The majority of users will likely experience this game through its single-player components, which aimed for adaptive AI and ?rivalries.? The AI is actually not too bad when you get to the high-level opponents, but a great deal of your adversaries will be complete pushovers, no matter what strategy you employ. To ease this somewhat, it is recommended that the game is set to ?hard? difficulty, as this will make some of the early fights slightly more interesting. But even so, the AI does often rely heavily on counter punching and hanging back. There will be guys who come out swinging ? to varying degrees of success ? but many just hang back and sit there as they are bopped and bludgeoned over the head and shoulders.
While the computer AI is questionable, the logistical aspects of the career mode certainly do not innovate, to any degree. This career involves creating a fighter ? which allows for customization of equipment, body features and fighting styles ? and then signing various contracts for fights. Before each fight, your fighter must play a training minigame and pick-up some equipment (if there's enough scratch in the coffers). The training consists of hitting heavy bags, lifting weights and practicing on combo dummies, and these sequences only serve to break up the action ? they aren't really good or bad, just sort of average. The concept of rivalries in the career is only loosely implemented, and it basically involves some simplistic commentary about your supposed ?rival? wanting a fight or some on screen text and images that (between fights) that show a rival calling you out. Apparently ?Rey Mo wants Wigmore!? and ?Wigmore declares himself best ever!? are the building blocks for rivalries, but I would've preferred more colorful dialogue such as ?Wigmore just busted your mug!? or ?Wiggy likes pizza!?, but alas, it was not to be. The whole career consists of doing this process over and over, but you do occasionally get a ?hard hits? fight where the rounds end when a knockdown occurs. The career could've benefited from some better boxer rankings and more involved story dynamics ? some element that allows you to have a deeper investment into what's going on. Also, what's with EA making your fighter have the same song from the title screen? You've got no choice in the matter and, apparently, people ?like my swagger? and ?my chain is hangin' like Ali Baba.? ? Yeah! ... I think.
The only minor ?fresh? element form the career comes from the achievements, but even they sting a bit, as the game uses a lot of its sponsorship ? Burger King, Dodge, Everlast ? in order to motivate you. Winning these sponsored pay-per-view events is the main way of getting the 1,000 achievement points so this should provide a bit of motivation to push on though the career mode.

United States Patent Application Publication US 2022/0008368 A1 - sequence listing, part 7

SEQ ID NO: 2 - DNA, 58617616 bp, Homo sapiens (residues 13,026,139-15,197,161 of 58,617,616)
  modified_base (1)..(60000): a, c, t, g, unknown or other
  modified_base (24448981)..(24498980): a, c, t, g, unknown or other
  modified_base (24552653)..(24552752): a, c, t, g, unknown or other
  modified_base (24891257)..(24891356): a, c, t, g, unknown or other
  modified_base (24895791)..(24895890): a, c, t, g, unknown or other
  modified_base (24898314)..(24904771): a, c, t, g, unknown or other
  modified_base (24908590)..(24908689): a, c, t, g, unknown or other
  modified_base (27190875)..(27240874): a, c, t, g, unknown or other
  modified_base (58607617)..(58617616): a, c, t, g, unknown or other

All is not lost for offline users, though, as there is a ?play now? option, as well as the ESPN Classics mode. The ESPN Classics mode is good because it actually does something with the concept of rivalries and pits legends like Muhammad Ali, Joe Frazier, Jake LaMotta, and Sugar Ray Robinson against one another. These fights give a cool little intro that highlights the reason a given rivalry was what it was, and a great little touch in the Robinson / LaMotta bout is that the event takes place in black and white. This mode won't add a whole lot of value, but is an entertaining addition, nonetheless.
The action manages to pick up when FNR3 hits the online ring. Logging in through the EA servers remains annoying, as does getting ?dropped? from their ?servers? (they don't host the games so this is still perplexing). When you get fighting against some other people, though, the matches are usually entertaining and lag free. Punches and blocks execute as responsively as can be expected, and you'll likely enjoy talking some light smack against a buddy as you slap him around (or maybe you'll be muting it when you get pummeled). Fights can be setup for weight class, round time, and rules, plus you can use a custom boxer online (you have to ?retire? your career fighter in order to use him in online bouts). Online statistics are tracked through EA's servers, and the method of checking in on your opponents and inviting friends has been improved from previous EA Sports entries ? least EA is making their ?servers? do something useful. The gameplay online is certainly a lot of fun and if you have Xbox Live, the reasoning for checking this game out is certainly enhanced a great deal.
The reality of Fight Night Round 3 is that it is fantastic looking game that has some excellent presentation, but also some good impact with its hard punches and style-driven fighting. The career mode only serves to put you through the motions and it basically just serve as a setup to those who have Xbox Live. Against friends, this game plays extremely well and can provide a great time. The boxing engine from previous games remains strong, plus the impact punches add some variety in how a fight can end.